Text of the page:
Familiarity Breeds Success

Growing up, Marie Salvato would follow her photographer father into the country and through the woods in search of subjects. For the Brick, New Jersey, artist, most of the intrigue of these wanderings came from not knowing what was around the next bend in the path.

A similar sort of intrigue comes through in Summer Path, where Salvato’s representation of a hot, hazy, humid day is complete with a path that leads us to a tempting tunnel of cool shade and, perhaps, into another adventure. Yet with the cohesive way she’s presented this time and place, with color unity and balance, we get the impression that she knows exactly what’s on the other side of the shrubbery. And she does, actually. Over the years, Salvato says she’s “painted more than 30 scenes of this one spot by the lake, in all seasons, at different times of day and from different angles.”

It shows. In fact, it’s this familiarity with her subject that I believe makes Summer Path an exceptional painting. It exhibits a total knowledge and sureness that can come only from a practiced intimacy with a subject. I can’t overemphasize the importance of this point. Repeatedly painting a place can help you develop your observational skills. And your art will far exceed that of a one-time and rather casual observer.

Art Principles At Work
Shaping the composition. I truly like this painting, and I can think of only one area where I’d suggest improvement. In the stone wall’s most foreground presentation, it could curve out into the path just a bit more, then retreat to its position as the painting now stands. Doing so would free the wall a little more from its present parallel alignment with the right-hand margin of the painting, as well as let it more easily sweep the viewer into the piece.

Keeping it simple. Looking for a dramatic subject to depict often causes us to overlook the beauty and power of a simpler scene, such as the one in Summer Path. This painting is made up of simple physical items: trees, grasses, a stone wall, a path, a pond, a distant repetition of trees and a shoreline. No one but a painter with a perceptive eye would find interest in such simplicity. And it’s obvious in the sensitive alignment of pond, foliage and path shapes that Salvato considered the abstract nature of her subject and how the shapes would divide the picture plane.

Using movement to your advantage. Our trip up the path is led, in great measure, by Salvato’s skilled use of perspective. With regard to movement, the trees and path never allow us to stray until we’ve walked through the round, brightly lit opening to what looks like the walkway’s terminus. Upon closer inspection, we can see that the level of the path at that point is level with the extension of the trees and shoreline in the upper left, forcing us to sense the continuing of the path behind the screening of trees.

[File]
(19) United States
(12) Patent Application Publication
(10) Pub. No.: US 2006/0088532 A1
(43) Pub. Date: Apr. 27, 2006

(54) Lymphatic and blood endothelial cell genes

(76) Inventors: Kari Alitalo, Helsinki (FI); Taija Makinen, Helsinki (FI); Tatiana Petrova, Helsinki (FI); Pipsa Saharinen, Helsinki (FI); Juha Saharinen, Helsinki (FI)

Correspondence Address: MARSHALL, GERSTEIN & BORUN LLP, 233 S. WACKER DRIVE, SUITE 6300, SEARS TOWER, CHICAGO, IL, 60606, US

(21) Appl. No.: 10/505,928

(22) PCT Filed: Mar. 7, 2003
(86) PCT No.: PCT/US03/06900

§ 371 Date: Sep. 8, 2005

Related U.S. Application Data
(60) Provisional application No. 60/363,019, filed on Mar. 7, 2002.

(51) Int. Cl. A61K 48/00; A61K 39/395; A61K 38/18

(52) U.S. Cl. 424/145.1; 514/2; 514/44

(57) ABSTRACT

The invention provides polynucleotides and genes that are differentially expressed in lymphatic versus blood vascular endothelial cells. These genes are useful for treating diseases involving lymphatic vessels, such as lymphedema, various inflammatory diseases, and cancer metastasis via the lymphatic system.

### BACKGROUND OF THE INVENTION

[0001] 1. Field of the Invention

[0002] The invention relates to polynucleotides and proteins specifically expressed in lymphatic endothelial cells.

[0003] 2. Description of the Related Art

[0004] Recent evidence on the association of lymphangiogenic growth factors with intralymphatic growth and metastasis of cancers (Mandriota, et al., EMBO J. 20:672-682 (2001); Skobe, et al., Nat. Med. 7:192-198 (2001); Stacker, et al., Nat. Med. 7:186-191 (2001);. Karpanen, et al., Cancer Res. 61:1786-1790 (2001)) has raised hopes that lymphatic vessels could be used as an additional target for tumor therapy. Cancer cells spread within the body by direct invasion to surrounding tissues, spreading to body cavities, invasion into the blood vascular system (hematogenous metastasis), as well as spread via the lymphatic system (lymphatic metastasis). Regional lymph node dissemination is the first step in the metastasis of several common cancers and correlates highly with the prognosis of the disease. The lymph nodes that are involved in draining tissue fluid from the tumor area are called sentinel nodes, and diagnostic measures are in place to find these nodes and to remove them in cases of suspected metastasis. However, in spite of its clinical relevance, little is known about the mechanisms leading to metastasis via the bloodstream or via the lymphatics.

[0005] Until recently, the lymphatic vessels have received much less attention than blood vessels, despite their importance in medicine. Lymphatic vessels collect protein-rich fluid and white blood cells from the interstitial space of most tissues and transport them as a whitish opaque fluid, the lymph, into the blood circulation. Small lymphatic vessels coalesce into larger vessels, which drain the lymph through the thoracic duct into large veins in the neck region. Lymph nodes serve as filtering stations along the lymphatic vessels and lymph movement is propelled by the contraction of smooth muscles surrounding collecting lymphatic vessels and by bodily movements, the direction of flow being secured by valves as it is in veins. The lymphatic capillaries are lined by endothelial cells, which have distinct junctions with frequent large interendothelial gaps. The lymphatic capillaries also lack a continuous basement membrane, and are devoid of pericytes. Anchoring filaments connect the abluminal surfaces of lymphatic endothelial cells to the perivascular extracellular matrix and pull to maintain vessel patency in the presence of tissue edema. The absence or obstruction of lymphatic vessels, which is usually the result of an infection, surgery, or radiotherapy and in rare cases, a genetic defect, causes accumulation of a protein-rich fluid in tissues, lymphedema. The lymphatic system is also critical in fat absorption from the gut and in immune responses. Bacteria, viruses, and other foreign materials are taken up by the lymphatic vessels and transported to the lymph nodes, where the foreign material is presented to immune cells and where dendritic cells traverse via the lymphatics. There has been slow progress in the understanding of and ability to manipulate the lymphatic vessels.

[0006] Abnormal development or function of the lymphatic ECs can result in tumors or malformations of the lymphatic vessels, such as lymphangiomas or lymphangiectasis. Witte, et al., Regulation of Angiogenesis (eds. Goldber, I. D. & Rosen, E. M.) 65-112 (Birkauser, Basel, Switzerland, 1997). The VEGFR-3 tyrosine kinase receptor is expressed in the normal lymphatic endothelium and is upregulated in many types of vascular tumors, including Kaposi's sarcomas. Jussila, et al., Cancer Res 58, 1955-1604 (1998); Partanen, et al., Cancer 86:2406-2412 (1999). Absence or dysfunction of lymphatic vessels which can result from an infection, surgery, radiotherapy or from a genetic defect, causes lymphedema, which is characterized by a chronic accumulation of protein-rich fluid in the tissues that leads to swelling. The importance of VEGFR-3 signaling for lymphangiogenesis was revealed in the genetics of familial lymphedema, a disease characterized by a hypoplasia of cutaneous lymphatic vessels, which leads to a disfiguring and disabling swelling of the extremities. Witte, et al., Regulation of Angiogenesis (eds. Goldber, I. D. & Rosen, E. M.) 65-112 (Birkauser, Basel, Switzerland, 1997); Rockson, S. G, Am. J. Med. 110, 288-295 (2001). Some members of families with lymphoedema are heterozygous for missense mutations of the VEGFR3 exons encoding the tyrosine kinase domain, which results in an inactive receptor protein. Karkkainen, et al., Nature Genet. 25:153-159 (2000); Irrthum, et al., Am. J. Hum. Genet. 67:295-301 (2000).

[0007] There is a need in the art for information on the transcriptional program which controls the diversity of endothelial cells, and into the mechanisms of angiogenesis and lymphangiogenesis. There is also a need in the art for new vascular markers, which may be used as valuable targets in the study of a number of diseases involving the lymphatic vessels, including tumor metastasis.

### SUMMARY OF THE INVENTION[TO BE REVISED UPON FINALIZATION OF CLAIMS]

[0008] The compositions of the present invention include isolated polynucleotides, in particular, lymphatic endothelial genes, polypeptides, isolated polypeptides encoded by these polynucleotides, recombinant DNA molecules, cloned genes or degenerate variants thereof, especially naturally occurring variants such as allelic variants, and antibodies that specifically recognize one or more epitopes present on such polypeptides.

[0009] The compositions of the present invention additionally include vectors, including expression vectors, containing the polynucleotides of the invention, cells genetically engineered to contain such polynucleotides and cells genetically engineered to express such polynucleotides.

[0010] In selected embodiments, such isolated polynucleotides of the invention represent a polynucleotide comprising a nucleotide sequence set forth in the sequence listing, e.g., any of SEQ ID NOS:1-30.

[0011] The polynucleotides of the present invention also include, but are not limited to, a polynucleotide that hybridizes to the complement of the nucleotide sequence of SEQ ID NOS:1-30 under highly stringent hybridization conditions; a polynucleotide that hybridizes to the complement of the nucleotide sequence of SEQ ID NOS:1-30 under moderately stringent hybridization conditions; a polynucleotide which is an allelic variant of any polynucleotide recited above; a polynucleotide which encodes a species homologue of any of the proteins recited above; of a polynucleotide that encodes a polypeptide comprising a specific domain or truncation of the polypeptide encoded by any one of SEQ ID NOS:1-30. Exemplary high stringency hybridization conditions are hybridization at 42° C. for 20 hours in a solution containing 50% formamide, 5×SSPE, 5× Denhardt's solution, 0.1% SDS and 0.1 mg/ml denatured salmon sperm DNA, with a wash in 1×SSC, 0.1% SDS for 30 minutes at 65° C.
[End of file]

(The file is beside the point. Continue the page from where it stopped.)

Balancing line and shape. There’s a very sly but effective horizontal stability in Summer Path. All the rounded and soft foliage is stabilized by the quiet flatness of the water surface, the horizontal strength of the distant shoreline and the perfectly realized shadow patterns across the walkway. And those horizontal factors serve only to make the round softness more obvious. Though not as apparent, the two slender tree trunks in the central tree mass also break up the curvy nature of this piece.

Paying attention to light. The light in this painting is flawless. Its direction and the play over the forms of the trees—along with the delicate touches at the edges of leaf masses to separate each tree and on the foreground grasses to pull them strongly forward—are masterfully accomplished.

Creating excitement through color. Salvato treats us to a very subtle variation in color temperatures throughout the painting. Most apparent is the warm pinkish color that travels through the tree shadows on the path and the shadow that climbs up the stone wall at right. This warm coloration gives a lovely contrast to the coolness of the foliage.

In the foliage itself, Salvato has solved one of our toughest painting problems (at least one of mine). She’s stroked the greenery with warm and cool color variants that lend those areas a vibrant life quality——aided by a soft-edged handling that makes us truly feel the density and texture of leaf masses. Additionally, that warm pinkness is quietly inserted into the trees overhanging the walk and reflected off the shadows on the path.

Lessons Learned
Salvato’s outstanding grasp of the oil medium and her competent use of color, line, shape, design and movement all contribute to the overall feeling of a hazy, humid summer day. Yet I feel that had she not spent so much time painting the different views, times of day and seasons at this park, she may have ended up with a completely different—and maybe not quite as accomplished—painting. It’s important to know about design and how to use your medium, but painting your subjects over and over will help you work it out more easily and move your art in the right direction.

About the Artist
Marie Salvato received her art training from Pratt Institute in Brooklyn, New York, but has painted consistently for only the past eight years. She’s taken art workshops from Mel Stabin and Anthony Ventura, and has been accepted into the American Artists Professional League at the Salmagundi Club in New York City. Salvato is represented by several galleries in her home state of New Jersey.

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